Razer Huntsman Mini review: Conclusion
Our Razer Huntsman Mini review explains how the peripherals perform well. The price tag of $130 is steep but not too expensive. However, for the same price as the ten-digit Huntsman Tournament Edition, there’s no reason to choose the smaller version unless you prefer a minimalist approach. It comes down to personal preference, but also to what you plan to use this compact keyboard for.
Just like the keyboard of the Huntsman Tournament Edition before that, the Mini does what it promises. It reduces the standard keyboard to 60% of its size while maintaining full functionality through secondary commands and configurable setups. However, beyond its intended purpose, the Mini is not a comfortable everyday driver, so its use is limited. If you want to travel light and take up as little space as possible in your quest for gaming glory, the Huntsman Mini is the right choice. Otherwise, stay with a slightly larger keyboard and get the arrow keys back.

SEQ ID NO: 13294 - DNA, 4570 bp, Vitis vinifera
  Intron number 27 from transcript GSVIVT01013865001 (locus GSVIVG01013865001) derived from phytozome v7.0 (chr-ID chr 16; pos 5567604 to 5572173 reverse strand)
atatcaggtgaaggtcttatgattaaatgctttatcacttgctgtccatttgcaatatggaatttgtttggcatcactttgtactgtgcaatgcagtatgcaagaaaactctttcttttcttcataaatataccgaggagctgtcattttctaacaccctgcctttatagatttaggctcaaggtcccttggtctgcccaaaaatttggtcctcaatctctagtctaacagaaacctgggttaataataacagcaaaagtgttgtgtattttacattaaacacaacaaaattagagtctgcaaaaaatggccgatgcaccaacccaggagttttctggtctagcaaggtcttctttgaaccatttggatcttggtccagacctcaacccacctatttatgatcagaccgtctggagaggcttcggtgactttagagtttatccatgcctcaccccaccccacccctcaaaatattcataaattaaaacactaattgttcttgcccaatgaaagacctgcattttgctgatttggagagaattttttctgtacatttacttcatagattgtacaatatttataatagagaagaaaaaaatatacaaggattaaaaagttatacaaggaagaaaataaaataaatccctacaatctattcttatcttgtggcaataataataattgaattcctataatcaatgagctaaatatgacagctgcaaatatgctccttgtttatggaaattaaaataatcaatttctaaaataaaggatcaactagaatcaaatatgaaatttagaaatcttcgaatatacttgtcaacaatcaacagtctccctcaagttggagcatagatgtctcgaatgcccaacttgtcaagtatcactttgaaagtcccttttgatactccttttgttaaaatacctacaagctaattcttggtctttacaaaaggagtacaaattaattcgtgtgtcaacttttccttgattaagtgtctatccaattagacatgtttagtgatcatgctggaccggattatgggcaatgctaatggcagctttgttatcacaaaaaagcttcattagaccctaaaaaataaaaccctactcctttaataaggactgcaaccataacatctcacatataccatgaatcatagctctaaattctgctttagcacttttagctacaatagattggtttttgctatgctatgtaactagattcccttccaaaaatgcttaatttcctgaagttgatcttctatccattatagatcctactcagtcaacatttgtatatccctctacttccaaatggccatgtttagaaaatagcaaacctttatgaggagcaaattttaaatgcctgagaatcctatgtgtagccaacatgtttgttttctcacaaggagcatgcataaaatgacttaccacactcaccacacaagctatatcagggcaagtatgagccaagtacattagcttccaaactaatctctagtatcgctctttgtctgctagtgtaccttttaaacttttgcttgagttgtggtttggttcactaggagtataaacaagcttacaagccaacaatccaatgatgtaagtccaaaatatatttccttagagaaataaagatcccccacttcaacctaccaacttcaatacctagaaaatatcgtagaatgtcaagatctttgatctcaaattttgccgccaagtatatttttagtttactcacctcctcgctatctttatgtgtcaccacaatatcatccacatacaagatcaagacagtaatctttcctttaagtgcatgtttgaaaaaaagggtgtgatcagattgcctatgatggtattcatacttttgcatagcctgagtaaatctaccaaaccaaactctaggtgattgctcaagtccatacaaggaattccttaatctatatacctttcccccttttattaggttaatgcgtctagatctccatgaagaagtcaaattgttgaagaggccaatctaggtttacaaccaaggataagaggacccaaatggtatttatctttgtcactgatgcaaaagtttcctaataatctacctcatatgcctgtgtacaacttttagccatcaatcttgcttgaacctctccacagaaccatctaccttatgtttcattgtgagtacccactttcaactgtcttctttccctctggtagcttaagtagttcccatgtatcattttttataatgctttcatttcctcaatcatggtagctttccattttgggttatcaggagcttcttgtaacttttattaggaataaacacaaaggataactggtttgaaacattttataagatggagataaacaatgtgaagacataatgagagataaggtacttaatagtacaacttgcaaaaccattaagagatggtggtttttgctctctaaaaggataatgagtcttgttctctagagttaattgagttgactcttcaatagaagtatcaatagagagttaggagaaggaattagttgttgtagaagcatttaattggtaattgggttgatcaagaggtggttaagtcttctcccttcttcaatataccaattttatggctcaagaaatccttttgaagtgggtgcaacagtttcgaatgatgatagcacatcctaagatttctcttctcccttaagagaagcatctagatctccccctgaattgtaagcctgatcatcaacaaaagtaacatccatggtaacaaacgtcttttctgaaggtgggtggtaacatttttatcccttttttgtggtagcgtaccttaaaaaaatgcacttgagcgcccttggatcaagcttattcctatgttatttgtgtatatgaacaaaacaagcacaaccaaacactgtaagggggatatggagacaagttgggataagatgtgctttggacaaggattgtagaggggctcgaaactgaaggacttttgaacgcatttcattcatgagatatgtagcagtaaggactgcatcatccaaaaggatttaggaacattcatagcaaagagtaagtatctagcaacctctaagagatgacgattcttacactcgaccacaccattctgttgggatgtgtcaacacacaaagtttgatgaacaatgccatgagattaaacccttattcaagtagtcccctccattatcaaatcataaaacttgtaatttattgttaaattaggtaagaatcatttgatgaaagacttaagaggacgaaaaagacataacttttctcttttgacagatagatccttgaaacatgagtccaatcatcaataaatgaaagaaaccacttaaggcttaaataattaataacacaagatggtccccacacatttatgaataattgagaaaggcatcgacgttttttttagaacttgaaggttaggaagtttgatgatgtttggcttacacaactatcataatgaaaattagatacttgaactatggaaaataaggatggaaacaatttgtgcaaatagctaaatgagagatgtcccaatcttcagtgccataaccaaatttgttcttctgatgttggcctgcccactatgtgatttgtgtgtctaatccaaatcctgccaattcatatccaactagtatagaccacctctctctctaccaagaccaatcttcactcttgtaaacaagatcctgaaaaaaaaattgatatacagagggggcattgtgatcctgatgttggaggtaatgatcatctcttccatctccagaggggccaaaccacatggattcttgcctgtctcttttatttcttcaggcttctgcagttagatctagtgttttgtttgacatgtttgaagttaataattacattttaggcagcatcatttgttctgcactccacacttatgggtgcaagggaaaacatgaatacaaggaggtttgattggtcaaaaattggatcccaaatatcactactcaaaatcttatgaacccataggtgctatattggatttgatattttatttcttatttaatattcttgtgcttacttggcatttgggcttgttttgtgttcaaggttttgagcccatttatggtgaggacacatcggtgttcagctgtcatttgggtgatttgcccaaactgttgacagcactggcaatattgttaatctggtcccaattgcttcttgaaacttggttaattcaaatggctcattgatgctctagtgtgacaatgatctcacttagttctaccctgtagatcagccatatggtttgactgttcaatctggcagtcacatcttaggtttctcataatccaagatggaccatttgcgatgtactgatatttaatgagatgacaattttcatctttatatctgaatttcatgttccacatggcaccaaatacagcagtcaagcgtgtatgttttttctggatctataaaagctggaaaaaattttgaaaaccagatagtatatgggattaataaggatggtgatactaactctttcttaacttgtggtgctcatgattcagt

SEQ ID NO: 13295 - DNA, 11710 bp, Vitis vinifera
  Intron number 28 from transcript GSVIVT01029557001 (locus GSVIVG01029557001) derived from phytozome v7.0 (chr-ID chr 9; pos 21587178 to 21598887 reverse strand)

The Razer Huntsman Mini keyboard works well for competitive play, but the lack of a function queue and traditional arrow keys takes some getting used to.
- Eye-catching design
- Easy to configure
- Very responsive
- Not comfortable for resting hands